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Jan 15, 2012

Ways Done in the Past - Wet Market

The Farrer Road Market & Hawker Centre opened in 1976.

The hawker centre at Blk 7 Empress Road comprises 40 cooked food stalls and 72 market stalls and renamed as Empress Road Market & Food Centre.

In the past before the supermarkets became popular in the heartlands, the Singaporeans do their marketing at the wet markets.

A wet market is generally a fresh food market commonly found in Asian countries. Some of the common names include "cultural markets", "traditional markets", "Gaai Si", "Gaai See" (commonly used in Hong Kong). The term "wet market" comes from the extensive use of water in the markets. The water is used to wash the floors, keep the fruits and vegetables fresh, and keep fish and shellfish alive.

When I grew up in Bukit Ho Swee in the 1960s, the villagers did their daily marketing at the corner below the Malayan Chinese Association (MCA) building at the junction of Beo Crescent and Havelock Road.

Whenever my mother need more marketing stuff especially during the Chinese New Year festivals, she brought me along as a porter to the wet market at Havelock Road or the roadside hawkers in Chinatown to help her to carry the goodies stuff home.

Locations of a few wet markets in Singapore

Wet market along the road in Chinatown c 1964.

A row of shophouses at Dickson Hill, off South Bridge Road. Street stalls from a small wet market in 1983.

Upper Serangoon Market

Chia Keng Market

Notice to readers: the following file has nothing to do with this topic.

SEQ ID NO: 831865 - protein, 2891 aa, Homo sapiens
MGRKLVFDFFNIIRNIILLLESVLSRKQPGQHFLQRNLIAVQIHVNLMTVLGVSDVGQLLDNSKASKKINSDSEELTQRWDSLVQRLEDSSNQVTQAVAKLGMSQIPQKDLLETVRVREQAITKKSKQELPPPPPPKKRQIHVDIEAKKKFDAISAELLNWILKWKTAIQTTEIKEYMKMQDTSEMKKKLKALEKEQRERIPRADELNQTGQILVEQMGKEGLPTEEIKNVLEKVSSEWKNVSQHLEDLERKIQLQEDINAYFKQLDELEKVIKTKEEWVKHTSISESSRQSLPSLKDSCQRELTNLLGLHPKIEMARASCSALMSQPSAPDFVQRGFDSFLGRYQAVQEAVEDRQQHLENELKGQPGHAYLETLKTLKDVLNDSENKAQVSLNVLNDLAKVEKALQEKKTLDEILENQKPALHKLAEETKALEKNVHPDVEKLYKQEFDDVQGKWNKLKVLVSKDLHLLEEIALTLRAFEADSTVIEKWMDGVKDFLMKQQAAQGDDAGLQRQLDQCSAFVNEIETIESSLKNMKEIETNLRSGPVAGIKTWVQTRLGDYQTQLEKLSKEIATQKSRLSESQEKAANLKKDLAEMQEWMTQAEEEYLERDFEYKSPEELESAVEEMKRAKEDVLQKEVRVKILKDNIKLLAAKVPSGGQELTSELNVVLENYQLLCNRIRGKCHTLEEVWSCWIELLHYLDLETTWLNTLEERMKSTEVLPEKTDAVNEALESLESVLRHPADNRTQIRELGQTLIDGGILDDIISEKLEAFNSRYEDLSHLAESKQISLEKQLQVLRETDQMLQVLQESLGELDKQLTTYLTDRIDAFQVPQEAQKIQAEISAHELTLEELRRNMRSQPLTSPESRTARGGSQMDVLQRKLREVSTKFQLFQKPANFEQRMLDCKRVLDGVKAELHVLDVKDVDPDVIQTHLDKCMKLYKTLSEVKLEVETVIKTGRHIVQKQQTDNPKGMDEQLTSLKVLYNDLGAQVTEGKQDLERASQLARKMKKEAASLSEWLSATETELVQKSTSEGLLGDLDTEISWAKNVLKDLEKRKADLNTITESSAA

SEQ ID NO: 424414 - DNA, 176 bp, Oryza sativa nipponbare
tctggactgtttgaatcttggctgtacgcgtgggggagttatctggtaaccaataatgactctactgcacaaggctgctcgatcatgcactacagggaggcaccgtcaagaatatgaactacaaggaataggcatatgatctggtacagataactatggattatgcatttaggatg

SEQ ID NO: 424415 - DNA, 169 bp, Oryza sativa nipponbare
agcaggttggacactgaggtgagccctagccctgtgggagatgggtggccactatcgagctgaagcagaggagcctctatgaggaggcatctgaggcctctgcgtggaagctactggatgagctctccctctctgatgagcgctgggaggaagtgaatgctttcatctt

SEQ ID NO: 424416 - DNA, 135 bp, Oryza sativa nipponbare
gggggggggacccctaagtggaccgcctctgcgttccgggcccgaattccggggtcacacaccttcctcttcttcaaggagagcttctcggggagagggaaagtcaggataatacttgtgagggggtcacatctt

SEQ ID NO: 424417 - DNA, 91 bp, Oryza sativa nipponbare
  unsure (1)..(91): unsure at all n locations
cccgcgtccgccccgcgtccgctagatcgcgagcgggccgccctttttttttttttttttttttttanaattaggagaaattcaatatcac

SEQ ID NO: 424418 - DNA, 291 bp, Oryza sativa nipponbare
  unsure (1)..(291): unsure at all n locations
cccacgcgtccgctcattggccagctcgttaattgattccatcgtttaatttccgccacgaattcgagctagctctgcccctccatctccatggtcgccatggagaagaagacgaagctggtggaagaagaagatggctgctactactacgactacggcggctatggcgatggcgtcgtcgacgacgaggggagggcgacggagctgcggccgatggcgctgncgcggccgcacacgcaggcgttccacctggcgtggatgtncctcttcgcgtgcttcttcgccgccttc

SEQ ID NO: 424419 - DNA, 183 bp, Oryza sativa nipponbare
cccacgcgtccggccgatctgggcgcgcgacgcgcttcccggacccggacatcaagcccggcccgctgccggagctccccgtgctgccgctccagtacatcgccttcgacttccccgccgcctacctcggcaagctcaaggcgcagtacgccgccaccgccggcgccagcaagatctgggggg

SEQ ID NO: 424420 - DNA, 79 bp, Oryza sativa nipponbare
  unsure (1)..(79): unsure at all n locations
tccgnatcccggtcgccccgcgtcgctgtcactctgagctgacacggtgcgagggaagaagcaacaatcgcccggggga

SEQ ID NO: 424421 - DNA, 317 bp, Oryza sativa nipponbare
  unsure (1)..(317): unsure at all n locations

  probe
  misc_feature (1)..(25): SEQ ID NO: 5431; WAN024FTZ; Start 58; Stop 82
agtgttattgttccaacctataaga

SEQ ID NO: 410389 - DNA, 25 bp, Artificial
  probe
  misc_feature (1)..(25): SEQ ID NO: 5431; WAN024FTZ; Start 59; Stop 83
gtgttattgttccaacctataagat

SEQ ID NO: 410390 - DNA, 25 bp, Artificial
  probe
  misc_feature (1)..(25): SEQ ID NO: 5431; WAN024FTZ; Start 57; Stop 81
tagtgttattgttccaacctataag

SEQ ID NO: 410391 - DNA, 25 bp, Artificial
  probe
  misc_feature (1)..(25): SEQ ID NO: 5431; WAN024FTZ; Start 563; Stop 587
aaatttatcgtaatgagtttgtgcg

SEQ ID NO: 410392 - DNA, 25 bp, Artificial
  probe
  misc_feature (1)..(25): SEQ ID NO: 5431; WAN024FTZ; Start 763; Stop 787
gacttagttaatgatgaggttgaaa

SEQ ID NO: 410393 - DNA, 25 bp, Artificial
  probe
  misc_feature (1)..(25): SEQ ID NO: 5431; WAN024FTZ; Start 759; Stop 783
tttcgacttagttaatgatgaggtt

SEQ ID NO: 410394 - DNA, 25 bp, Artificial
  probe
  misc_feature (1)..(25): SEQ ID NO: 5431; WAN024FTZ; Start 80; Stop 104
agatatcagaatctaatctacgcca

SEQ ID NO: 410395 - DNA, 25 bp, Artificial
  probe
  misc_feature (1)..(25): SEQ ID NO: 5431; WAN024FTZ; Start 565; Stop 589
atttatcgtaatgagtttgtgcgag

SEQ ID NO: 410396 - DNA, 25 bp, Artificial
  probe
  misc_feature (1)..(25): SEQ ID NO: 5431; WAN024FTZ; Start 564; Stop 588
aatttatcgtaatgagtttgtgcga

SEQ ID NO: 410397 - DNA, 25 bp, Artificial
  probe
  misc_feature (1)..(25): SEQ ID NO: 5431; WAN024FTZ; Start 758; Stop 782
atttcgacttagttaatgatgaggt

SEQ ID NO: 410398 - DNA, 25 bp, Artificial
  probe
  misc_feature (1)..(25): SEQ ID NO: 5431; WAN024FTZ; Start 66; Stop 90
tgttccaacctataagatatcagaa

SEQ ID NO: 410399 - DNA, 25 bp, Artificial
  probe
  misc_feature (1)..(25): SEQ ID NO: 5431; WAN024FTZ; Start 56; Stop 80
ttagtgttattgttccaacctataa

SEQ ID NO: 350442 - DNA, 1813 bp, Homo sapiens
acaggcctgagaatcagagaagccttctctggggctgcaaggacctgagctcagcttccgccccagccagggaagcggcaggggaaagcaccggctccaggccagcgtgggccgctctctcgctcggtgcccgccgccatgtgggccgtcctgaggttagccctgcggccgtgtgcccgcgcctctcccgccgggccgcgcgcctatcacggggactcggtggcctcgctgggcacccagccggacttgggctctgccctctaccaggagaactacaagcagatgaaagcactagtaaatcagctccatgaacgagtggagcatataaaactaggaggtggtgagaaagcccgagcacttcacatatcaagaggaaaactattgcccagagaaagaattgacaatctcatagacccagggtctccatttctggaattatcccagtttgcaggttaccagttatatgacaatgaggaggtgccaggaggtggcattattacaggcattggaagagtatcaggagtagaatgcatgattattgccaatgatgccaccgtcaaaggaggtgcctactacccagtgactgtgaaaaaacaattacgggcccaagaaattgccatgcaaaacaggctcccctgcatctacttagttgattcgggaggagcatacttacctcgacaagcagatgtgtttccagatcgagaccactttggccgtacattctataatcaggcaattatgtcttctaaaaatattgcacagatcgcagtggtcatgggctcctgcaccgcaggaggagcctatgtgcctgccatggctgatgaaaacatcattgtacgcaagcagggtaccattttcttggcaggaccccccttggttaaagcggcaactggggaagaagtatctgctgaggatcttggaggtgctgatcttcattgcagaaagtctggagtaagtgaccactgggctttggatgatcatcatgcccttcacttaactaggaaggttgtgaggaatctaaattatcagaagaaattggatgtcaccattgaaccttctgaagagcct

Jalan Eunos Market

The Tekka Market (Photos above and below).

Tekka Market c 1982

Tekka Market c 1982

Tekka Market c 1984

Boon Lay Market

Lim Tua Tow Market c 1986

Marsiling Market c 1998

The Old Kallang Airport Market was converted into the Old Airport Food Centre in 1983.

Roadside markets in Singapore in the past

The roadside markets found in the main road, lanes and alleys of Chinatown, Queens Street, Tanjong Pagar in the 1960s were unlicensed hawkers which were registered by the Ministry of Environment (now National Environment Agency) for a cleaner and improved environment.


Licensing of Hawkers

Licensing of hawkers by Singapore City Council at Havelock Road Licensing Centre in 1952 (Photos above and below)

Balloting of hawker stalls at Bukit Ho Swee in 1966.

Registered hawkers balloting for hawker stalls at Bukit Ho Swee, 1966. A new Hawkers Code was implemented in 1966 for licensing and controlling hawkers. Since then, street hawkers were progressively relocated into markets and shophouses with running water, electricity and proper refuse disposal facilities. They also had to comply with minimum public health requirements and empty all refuse at proper public refuse bins. Food and drink hawkers were tested for communicable diseases such as tuberculosis and cholera.

Fruit Stalls and Shops - Then

Fruit stall at Orchard Road Market in 1974.

Fruit Stalls and Shops - Now



Miscellaneous Products - Then


Miscellaneous Products - Now



Fishes and Seafood - Then


Fishes and Seafood - Now


Fishes and Seafood - Different Place, Different Ways

"Flying fish" to deliver to the customers.

What the fish...that guy kissed the fish's mouth. Yucks!